A touching story of a gravely injured soldier after WWI finding his way to recovery in the beauty of the California coastline. There's romance and some mystery and a great kid character too named Scout who's a plucky character.

Obviously the author greatly admires youngsters who are independent, out-spoken and determined.


Video Showing Newspaper Delivery Boys in 1899

A Newspaper Story from 1900 That Shows the Hard Life of a Newsboy

This is from the Chicago Tribune, September 1900:


Jimmie Newman, Arrested for Jumping on Street Cars, Argues His Case Before Justice Martin Successfully

" I have to support my mother and slster, Judge, and I do it by selling papers. That's the reason I jumped on the street car. I have customers -who ride on the cars and they buy-papers from me when they go home at night. Please let me go. Judge. I don't see how mother and sister can do without me." The speaker was 12-year-old Jlmmle Newman,' who lives at 1812 Wabash avenue. He was arrested for boarding a Wabash avenue cable train at Twelfth street on complaint of representatives of the Chicago City railway company, and stood before Justice Martin this morning pleading his own cause. " How long have you had to sell papers to support your mother and little sister?" the justice asked. " Nearly a year," the boy answered. : " Father died nearly a year ago. I was going to school then, and mother took in washIng. Then she got sick and I had to leave school and sell papers. I work hard, and sometimes make a dollar a day. It they keep me off the car I will lose a lot of my customers." ~ "I can't hold this boy," Justice Martin concluded. " Go home, Jlmmle, to your mother and sister. Here's something to give them," and the Justice handed the boy a dollar, . ,, - .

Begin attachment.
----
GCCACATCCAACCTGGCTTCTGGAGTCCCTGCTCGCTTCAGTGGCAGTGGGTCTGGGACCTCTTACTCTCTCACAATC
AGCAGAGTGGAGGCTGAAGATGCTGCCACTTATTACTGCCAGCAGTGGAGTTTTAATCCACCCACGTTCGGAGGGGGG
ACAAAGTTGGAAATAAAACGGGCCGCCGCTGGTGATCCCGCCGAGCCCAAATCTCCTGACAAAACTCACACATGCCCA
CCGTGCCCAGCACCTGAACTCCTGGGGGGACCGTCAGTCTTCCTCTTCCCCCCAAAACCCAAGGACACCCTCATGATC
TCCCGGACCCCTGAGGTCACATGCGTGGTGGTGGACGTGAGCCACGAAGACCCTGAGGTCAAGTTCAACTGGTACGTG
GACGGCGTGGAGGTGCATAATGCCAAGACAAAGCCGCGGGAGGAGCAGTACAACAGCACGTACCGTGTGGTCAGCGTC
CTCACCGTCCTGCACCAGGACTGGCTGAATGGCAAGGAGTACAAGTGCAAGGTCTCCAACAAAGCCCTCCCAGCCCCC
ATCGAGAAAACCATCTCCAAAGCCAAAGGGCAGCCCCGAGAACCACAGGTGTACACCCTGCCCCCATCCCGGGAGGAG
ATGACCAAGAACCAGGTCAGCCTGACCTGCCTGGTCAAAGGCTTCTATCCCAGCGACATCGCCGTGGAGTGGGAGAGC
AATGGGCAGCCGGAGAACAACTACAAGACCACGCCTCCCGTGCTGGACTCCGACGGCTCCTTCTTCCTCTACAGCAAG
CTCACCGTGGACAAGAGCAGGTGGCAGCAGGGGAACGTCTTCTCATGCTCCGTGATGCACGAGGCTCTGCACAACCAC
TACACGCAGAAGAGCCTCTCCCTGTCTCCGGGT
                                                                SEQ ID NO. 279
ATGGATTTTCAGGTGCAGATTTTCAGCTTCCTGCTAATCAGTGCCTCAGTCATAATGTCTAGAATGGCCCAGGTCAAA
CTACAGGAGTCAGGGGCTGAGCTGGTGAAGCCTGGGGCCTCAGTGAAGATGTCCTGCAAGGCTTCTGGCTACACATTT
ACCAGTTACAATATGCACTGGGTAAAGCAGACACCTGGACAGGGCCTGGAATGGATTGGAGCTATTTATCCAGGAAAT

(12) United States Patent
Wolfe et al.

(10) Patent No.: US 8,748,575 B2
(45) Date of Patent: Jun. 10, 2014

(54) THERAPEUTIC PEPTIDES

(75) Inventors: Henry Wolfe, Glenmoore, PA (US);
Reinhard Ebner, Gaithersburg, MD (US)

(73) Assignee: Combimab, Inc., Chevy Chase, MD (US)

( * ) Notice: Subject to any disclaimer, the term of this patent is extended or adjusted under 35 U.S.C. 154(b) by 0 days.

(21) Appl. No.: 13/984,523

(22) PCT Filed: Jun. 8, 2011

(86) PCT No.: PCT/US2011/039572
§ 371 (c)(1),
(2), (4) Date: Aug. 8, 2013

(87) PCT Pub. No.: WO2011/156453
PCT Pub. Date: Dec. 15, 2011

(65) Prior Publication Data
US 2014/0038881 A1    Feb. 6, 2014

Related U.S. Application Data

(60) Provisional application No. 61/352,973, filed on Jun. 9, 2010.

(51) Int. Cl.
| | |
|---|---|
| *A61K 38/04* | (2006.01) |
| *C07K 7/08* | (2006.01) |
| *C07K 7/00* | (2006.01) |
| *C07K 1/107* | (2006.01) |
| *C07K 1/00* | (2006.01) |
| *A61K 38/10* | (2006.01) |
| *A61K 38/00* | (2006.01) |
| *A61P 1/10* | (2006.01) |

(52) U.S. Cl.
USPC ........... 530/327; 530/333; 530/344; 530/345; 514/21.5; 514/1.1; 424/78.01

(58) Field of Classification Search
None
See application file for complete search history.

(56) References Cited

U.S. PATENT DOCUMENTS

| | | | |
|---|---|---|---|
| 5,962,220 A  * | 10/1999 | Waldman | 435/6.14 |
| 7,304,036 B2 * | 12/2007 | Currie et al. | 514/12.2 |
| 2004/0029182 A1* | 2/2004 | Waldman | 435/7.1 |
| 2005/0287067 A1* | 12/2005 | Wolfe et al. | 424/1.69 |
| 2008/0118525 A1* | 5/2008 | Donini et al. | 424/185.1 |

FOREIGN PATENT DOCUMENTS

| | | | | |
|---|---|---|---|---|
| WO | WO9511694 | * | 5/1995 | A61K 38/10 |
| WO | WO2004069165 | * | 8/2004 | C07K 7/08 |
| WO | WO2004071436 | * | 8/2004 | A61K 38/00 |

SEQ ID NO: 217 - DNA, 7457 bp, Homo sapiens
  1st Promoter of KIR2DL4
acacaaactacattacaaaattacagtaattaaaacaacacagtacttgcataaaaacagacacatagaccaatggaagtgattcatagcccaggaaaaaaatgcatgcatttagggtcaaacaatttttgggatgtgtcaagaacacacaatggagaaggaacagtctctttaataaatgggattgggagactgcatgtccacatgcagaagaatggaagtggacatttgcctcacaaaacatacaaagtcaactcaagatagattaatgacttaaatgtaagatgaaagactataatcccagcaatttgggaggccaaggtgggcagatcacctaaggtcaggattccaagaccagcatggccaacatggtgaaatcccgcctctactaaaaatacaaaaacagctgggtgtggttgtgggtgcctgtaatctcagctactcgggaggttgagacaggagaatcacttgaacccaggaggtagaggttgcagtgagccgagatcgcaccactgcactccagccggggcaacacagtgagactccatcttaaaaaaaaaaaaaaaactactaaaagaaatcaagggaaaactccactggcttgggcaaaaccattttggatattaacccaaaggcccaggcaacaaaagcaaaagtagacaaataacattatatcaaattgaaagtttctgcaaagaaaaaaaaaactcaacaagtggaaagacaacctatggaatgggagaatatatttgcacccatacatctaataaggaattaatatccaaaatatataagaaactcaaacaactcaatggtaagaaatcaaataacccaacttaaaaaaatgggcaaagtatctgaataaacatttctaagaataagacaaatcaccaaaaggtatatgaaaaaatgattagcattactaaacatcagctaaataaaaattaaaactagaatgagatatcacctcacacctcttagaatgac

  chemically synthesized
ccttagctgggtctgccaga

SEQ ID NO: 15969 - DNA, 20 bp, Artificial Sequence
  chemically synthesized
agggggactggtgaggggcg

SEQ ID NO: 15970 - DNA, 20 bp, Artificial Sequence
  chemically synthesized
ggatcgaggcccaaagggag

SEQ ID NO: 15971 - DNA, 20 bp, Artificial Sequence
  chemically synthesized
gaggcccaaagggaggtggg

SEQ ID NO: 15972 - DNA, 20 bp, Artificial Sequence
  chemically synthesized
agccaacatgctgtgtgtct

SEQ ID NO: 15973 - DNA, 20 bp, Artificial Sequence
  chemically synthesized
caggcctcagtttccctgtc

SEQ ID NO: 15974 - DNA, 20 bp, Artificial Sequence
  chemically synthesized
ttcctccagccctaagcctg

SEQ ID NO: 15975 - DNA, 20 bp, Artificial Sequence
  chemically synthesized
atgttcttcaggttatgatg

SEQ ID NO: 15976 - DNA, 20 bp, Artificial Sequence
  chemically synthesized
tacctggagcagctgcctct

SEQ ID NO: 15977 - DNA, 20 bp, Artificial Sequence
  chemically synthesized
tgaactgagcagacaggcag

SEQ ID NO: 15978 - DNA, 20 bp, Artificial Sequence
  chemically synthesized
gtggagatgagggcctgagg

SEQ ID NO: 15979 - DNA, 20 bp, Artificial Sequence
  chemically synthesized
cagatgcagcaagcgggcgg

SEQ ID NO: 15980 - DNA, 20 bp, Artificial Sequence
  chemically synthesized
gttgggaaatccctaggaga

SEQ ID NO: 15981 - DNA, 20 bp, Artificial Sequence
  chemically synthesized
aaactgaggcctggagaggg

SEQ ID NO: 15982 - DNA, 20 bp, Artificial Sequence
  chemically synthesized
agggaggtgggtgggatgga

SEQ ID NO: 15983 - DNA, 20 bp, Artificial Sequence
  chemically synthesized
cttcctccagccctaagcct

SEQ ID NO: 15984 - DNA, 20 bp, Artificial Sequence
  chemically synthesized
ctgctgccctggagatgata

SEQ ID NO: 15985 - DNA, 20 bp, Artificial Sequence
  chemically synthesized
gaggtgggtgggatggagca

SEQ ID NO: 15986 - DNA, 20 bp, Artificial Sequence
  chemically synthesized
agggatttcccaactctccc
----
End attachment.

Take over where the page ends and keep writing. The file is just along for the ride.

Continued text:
Note that in this day and age, there was no Social Security or safety net for families. When the bread earner died, they lost their income and had to scramble to make a living. In 1900, the average annual income was $439. (Source: Value of a Dollar 1860 - 1999. Grey House Publishing, 1999)

Have You Read Michael O'Halloran?

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The Golden Era of Youth Delivering Newspapers - Read the Book: Little Merchants

Read more about the plight of young boys in the early 1900s and also the later paperboys who delivered in neighborhoods by bicycle.